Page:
The Stranger‘s Paul Constant sums up the GOP convention:
So the messaging sounded inoffensive, but when you really think about what is being said at this convention, you realize that all the red, white, and blue bunting and clothing and video imagery is a put-on. All the talk about patriotism, about supporting the troops, is just lip service. This is the most unpatriotic crowd I have ever been a part of. What they are against is community. Every sentence is devoid of empathy. Every finger-wag is aimed directly at an American who can’t afford health insurance, who hasn’t had a raise on their minimum-wage job in four years. Even as they rail against a statement that the president never really made, they are talking about tearing America down and leaving something meaner and greedier in its place. They’re radicals—radicals who’ve gone over the edge and are trying to make their radicalism mainstream.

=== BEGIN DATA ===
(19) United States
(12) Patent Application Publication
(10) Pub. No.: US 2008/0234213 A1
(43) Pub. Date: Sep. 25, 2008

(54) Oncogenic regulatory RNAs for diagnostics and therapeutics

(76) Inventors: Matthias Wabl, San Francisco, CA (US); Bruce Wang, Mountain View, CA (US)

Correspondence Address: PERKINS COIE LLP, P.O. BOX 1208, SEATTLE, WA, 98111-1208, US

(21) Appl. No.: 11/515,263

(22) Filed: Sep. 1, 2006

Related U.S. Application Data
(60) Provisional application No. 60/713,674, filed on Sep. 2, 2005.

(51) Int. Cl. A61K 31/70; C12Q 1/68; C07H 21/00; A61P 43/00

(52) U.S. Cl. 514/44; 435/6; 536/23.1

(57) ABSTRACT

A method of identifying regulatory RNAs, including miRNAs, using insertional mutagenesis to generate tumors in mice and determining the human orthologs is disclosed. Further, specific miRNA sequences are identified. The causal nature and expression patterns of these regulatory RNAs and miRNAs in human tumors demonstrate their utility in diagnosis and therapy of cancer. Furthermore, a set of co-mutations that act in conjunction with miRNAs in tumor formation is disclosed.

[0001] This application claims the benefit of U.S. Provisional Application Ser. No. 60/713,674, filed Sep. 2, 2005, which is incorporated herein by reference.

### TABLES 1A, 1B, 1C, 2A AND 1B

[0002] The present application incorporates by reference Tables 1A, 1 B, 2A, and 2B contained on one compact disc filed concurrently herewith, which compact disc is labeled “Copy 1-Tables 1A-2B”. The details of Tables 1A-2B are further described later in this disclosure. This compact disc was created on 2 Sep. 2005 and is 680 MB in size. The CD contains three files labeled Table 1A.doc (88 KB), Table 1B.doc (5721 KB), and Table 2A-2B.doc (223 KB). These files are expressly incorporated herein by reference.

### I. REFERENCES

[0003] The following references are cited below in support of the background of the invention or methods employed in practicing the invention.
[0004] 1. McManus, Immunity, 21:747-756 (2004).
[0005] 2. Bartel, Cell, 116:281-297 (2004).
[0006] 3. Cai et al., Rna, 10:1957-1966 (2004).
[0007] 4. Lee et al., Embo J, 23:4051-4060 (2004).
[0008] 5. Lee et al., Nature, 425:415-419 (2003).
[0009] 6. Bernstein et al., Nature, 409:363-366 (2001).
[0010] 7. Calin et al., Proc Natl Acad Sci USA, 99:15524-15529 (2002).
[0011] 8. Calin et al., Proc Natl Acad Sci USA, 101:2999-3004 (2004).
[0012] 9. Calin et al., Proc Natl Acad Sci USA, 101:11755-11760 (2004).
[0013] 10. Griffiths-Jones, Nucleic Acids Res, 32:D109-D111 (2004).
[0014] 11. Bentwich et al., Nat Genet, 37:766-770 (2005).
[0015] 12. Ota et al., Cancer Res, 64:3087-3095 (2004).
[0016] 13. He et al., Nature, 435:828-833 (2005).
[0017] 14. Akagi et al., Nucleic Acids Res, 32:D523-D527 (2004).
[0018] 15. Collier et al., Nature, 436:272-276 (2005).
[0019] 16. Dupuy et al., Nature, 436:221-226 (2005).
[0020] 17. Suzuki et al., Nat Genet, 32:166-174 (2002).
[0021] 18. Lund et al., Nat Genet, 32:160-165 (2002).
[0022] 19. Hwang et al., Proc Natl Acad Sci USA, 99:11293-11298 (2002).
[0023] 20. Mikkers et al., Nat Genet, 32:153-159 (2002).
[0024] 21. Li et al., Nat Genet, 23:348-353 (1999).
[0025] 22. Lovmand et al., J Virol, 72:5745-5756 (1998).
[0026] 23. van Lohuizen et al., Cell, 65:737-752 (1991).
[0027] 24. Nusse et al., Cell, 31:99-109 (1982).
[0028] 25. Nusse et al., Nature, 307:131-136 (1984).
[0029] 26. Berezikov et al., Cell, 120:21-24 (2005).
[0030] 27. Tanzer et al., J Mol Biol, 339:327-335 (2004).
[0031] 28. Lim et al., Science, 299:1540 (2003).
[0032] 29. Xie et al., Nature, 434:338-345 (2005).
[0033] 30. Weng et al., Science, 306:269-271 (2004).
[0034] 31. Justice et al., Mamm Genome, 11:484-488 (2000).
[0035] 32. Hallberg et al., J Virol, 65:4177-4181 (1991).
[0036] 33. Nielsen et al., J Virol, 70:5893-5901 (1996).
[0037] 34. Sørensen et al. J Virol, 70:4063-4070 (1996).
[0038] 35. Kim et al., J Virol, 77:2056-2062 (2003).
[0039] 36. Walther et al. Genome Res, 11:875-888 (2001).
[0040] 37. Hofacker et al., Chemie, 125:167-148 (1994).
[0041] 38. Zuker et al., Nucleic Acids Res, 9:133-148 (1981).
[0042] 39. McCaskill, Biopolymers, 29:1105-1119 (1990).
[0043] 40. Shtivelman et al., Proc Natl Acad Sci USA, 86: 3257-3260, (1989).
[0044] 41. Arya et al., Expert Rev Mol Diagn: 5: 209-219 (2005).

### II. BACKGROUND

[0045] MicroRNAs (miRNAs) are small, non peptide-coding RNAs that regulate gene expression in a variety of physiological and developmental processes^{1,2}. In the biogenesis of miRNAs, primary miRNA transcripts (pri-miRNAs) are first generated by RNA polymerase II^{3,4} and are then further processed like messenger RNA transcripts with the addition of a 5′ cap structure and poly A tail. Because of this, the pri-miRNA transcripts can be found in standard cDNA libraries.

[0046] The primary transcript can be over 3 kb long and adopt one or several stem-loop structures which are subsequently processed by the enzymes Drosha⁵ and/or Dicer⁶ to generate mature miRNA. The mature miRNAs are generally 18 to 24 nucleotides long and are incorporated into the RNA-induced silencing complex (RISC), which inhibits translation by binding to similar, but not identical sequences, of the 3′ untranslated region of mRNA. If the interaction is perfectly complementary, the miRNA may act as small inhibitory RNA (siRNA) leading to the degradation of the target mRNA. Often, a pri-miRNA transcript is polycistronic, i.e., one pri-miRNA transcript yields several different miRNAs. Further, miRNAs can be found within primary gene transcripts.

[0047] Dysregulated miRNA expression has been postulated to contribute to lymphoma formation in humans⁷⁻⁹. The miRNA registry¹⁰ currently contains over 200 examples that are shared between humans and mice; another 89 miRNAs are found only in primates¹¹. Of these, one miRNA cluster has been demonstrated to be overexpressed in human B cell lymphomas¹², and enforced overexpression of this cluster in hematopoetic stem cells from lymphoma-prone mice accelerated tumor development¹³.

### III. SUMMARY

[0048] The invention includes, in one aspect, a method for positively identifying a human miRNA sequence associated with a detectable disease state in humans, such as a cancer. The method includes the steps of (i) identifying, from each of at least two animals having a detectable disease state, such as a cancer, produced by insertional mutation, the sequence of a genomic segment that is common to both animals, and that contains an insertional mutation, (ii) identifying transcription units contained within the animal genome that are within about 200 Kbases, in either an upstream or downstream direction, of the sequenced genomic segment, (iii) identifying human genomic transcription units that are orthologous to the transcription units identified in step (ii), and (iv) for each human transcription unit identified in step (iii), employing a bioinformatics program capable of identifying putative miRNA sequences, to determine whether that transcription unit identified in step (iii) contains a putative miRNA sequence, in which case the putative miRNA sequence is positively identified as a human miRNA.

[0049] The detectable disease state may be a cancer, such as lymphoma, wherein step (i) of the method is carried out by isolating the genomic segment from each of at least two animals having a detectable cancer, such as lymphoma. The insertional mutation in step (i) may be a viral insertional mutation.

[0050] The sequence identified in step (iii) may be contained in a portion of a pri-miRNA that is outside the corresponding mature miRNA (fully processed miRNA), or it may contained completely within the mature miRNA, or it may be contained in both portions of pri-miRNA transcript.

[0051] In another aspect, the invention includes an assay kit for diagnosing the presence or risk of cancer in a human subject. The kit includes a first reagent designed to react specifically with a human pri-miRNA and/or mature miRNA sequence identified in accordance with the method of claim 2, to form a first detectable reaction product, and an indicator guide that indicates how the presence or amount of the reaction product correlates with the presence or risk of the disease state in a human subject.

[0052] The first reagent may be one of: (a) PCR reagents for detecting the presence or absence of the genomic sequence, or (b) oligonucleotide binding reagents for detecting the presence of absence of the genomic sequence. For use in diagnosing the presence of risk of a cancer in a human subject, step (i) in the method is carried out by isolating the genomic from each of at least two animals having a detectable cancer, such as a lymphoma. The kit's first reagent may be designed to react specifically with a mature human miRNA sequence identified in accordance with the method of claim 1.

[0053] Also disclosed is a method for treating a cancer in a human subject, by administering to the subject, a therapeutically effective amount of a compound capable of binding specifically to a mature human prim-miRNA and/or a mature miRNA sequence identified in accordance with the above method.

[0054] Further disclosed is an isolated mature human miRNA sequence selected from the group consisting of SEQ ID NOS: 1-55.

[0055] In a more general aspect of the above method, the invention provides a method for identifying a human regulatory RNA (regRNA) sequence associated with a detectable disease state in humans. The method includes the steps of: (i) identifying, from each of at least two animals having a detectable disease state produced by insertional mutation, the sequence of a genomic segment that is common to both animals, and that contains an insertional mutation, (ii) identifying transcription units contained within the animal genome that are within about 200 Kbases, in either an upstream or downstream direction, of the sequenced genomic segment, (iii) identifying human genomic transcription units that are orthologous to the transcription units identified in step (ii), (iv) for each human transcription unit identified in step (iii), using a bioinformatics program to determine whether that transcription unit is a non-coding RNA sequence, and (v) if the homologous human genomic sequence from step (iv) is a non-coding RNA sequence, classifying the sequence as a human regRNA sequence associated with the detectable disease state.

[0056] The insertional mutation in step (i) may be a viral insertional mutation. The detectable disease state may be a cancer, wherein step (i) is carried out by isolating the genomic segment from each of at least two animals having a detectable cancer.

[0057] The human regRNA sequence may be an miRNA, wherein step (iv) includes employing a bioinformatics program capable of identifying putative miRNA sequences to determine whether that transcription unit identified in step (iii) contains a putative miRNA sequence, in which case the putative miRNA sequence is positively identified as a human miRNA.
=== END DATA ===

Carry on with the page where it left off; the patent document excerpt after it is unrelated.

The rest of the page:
But is that really true? Are they the monsters I think they are when the lights are down and the demagogues are predictably spreading their demagoguery? They roar like monsters in the darkened halls of the Forum, but I look at the people around me, milling forward in the embrace of waist-high concrete barriers to their left and right, trying to get back to their cars, or their buses, or their hotels. They’re grumbling about the blisters caused by their good pair of shoes. They’re hungry. They’re tired. But they are unmistakably human beings. That bald man whose wattle hangs down over his shirt like a meaty necktie, that woman whose perm looks as arid and dry as a tumbleweed. These are peoples’ grandparents. Real human beings will weep when they die (and for most of this ancient crowd, the day that they die will probably be sometime soon). They’re scared of the imaginary world of the 1950s in their heads dying forever, and the problem is that scared people make dumb choices.